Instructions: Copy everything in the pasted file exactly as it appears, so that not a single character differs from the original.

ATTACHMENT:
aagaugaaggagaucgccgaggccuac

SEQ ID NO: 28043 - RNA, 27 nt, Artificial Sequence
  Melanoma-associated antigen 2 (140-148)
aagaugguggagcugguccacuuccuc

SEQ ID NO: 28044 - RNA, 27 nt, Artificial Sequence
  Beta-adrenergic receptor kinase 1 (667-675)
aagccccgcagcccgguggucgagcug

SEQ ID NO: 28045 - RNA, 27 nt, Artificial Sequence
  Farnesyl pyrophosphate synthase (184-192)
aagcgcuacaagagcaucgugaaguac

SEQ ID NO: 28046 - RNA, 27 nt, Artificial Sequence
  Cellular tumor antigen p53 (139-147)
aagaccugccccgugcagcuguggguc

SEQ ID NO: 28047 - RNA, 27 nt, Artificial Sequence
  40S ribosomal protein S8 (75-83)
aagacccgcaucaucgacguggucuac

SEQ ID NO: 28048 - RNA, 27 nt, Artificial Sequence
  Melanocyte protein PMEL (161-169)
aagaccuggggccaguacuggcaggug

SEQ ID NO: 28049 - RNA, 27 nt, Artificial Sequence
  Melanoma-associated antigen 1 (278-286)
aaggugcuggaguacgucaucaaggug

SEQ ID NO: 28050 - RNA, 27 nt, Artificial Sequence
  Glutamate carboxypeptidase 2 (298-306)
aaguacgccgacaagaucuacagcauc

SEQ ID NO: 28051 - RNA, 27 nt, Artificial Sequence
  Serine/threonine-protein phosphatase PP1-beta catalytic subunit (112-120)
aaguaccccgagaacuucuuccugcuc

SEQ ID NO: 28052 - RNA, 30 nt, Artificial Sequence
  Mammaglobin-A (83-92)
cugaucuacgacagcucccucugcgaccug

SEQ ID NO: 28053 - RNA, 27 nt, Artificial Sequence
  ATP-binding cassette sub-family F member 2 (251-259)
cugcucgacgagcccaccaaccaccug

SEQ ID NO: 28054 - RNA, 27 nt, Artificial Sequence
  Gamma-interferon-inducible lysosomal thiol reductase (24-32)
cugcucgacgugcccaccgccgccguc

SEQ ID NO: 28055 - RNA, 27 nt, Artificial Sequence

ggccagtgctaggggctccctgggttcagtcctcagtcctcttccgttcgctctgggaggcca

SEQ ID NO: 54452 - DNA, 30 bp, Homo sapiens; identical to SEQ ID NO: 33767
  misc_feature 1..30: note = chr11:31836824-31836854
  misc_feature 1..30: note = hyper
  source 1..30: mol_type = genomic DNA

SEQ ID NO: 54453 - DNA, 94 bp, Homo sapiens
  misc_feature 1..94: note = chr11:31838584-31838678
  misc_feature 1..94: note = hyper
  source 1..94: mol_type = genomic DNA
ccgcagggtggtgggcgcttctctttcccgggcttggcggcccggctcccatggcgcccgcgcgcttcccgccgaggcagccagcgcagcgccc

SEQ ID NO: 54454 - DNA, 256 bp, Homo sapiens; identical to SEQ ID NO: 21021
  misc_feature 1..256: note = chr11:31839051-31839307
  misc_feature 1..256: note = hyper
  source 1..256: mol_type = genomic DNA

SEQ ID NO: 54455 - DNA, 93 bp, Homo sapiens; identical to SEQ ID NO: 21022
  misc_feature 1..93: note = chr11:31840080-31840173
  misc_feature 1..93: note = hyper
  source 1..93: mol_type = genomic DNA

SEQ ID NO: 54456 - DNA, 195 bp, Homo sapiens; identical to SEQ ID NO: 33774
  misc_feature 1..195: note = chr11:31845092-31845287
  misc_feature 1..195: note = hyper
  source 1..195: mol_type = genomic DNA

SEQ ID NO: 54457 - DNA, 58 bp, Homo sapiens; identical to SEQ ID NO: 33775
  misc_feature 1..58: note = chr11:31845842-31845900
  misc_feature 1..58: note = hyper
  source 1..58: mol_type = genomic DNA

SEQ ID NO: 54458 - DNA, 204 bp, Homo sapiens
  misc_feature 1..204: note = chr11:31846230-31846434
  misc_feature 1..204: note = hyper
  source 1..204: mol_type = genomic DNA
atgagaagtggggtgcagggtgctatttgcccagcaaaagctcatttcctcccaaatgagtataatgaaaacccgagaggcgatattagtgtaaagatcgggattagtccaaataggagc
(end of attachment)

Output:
aagaugaaggagaucgccgaggccuac

SEQ ID NO: 28043 - RNA, 27 nt, Artificial Sequence
  Melanoma-associated antigen 2 (140-148)
aagaugguggagcugguccacuuccuc

SEQ ID NO: 28044 - RNA, 27 nt, Artificial Sequence
  Beta-adrenergic receptor kinase 1 (667-675)
aagccccgcagcccgguggucgagcug

SEQ ID NO: 28045 - RNA, 27 nt, Artificial Sequence
  Farnesyl pyrophosphate synthase (184-192)
aagcgcuacaagagcaucgugaaguac

SEQ ID NO: 28046 - RNA, 27 nt, Artificial Sequence
  Cellular tumor antigen p53 (139-147)
aagaccugccccgugcagcuguggguc

SEQ ID NO: 28047 - RNA, 27 nt, Artificial Sequence
  40S ribosomal protein S8 (75-83)
aagacccgcaucaucgacguggucuac

SEQ ID NO: 28048 - RNA, 27 nt, Artificial Sequence
  Melanocyte protein PMEL (161-169)
aagaccuggggccaguacuggcaggug

SEQ ID NO: 28049 - RNA, 27 nt, Artificial Sequence
  Melanoma-associated antigen 1 (278-286)
aaggugcuggaguacgucaucaaggug

SEQ ID NO: 28050 - RNA, 27 nt, Artificial Sequence
  Glutamate carboxypeptidase 2 (298-306)
aaguacgccgacaagaucuacagcauc

SEQ ID NO: 28051 - RNA, 27 nt, Artificial Sequence
  Serine/threonine-protein phosphatase PP1-beta catalytic subunit (112-120)
aaguaccccgagaacuucuuccugcuc

SEQ ID NO: 28052 - RNA, 30 nt, Artificial Sequence
  Mammaglobin-A (83-92)
cugaucuacgacagcucccucugcgaccug

SEQ ID NO: 28053 - RNA, 27 nt, Artificial Sequence
  ATP-binding cassette sub-family F member 2 (251-259)
cugcucgacgagcccaccaaccaccug

SEQ ID NO: 28054 - RNA, 27 nt, Artificial Sequence
  Gamma-interferon-inducible lysosomal thiol reductase (24-32)
cugcucgacgugcccaccgccgccguc

SEQ ID NO: 28055 - RNA, 27 nt, Artificial Sequence

ggccagtgctaggggctccctgggttcagtcctcagtcctcttccgttcgctctgggaggcca

SEQ ID NO: 54452 - DNA, 30 bp, Homo sapiens; identical to SEQ ID NO: 33767
  misc_feature 1..30: note = chr11:31836824-31836854
  misc_feature 1..30: note = hyper
  source 1..30: mol_type = genomic DNA

SEQ ID NO: 54453 - DNA, 94 bp, Homo sapiens
  misc_feature 1..94: note = chr11:31838584-31838678
  misc_feature 1..94: note = hyper
  source 1..94: mol_type = genomic DNA
ccgcagggtggtgggcgcttctctttcccgggcttggcggcccggctcccatggcgcccgcgcgcttcccgccgaggcagccagcgcagcgccc

SEQ ID NO: 54454 - DNA, 256 bp, Homo sapiens; identical to SEQ ID NO: 21021
  misc_feature 1..256: note = chr11:31839051-31839307
  misc_feature 1..256: note = hyper
  source 1..256: mol_type = genomic DNA

SEQ ID NO: 54455 - DNA, 93 bp, Homo sapiens; identical to SEQ ID NO: 21022
  misc_feature 1..93: note = chr11:31840080-31840173
  misc_feature 1..93: note = hyper
  source 1..93: mol_type = genomic DNA

SEQ ID NO: 54456 - DNA, 195 bp, Homo sapiens; identical to SEQ ID NO: 33774
  misc_feature 1..195: note = chr11:31845092-31845287
  misc_feature 1..195: note = hyper
  source 1..195: mol_type = genomic DNA

SEQ ID NO: 54457 - DNA, 58 bp, Homo sapiens; identical to SEQ ID NO: 33775
  misc_feature 1..58: note = chr11:31845842-31845900
  misc_feature 1..58: note = hyper
  source 1..58: mol_type = genomic DNA

SEQ ID NO: 54458 - DNA, 204 bp, Homo sapiens
  misc_feature 1..204: note = chr11:31846230-31846434
  misc_feature 1..204: note = hyper
  source 1..204: mol_type = genomic DNA
atgagaagtggggtgcagggtgctatttgcccagcaaaagctcatttcctcccaaatgagtataatgaaaacccgagaggcgatattagtgtaaagatcgggattagtccaaataggagc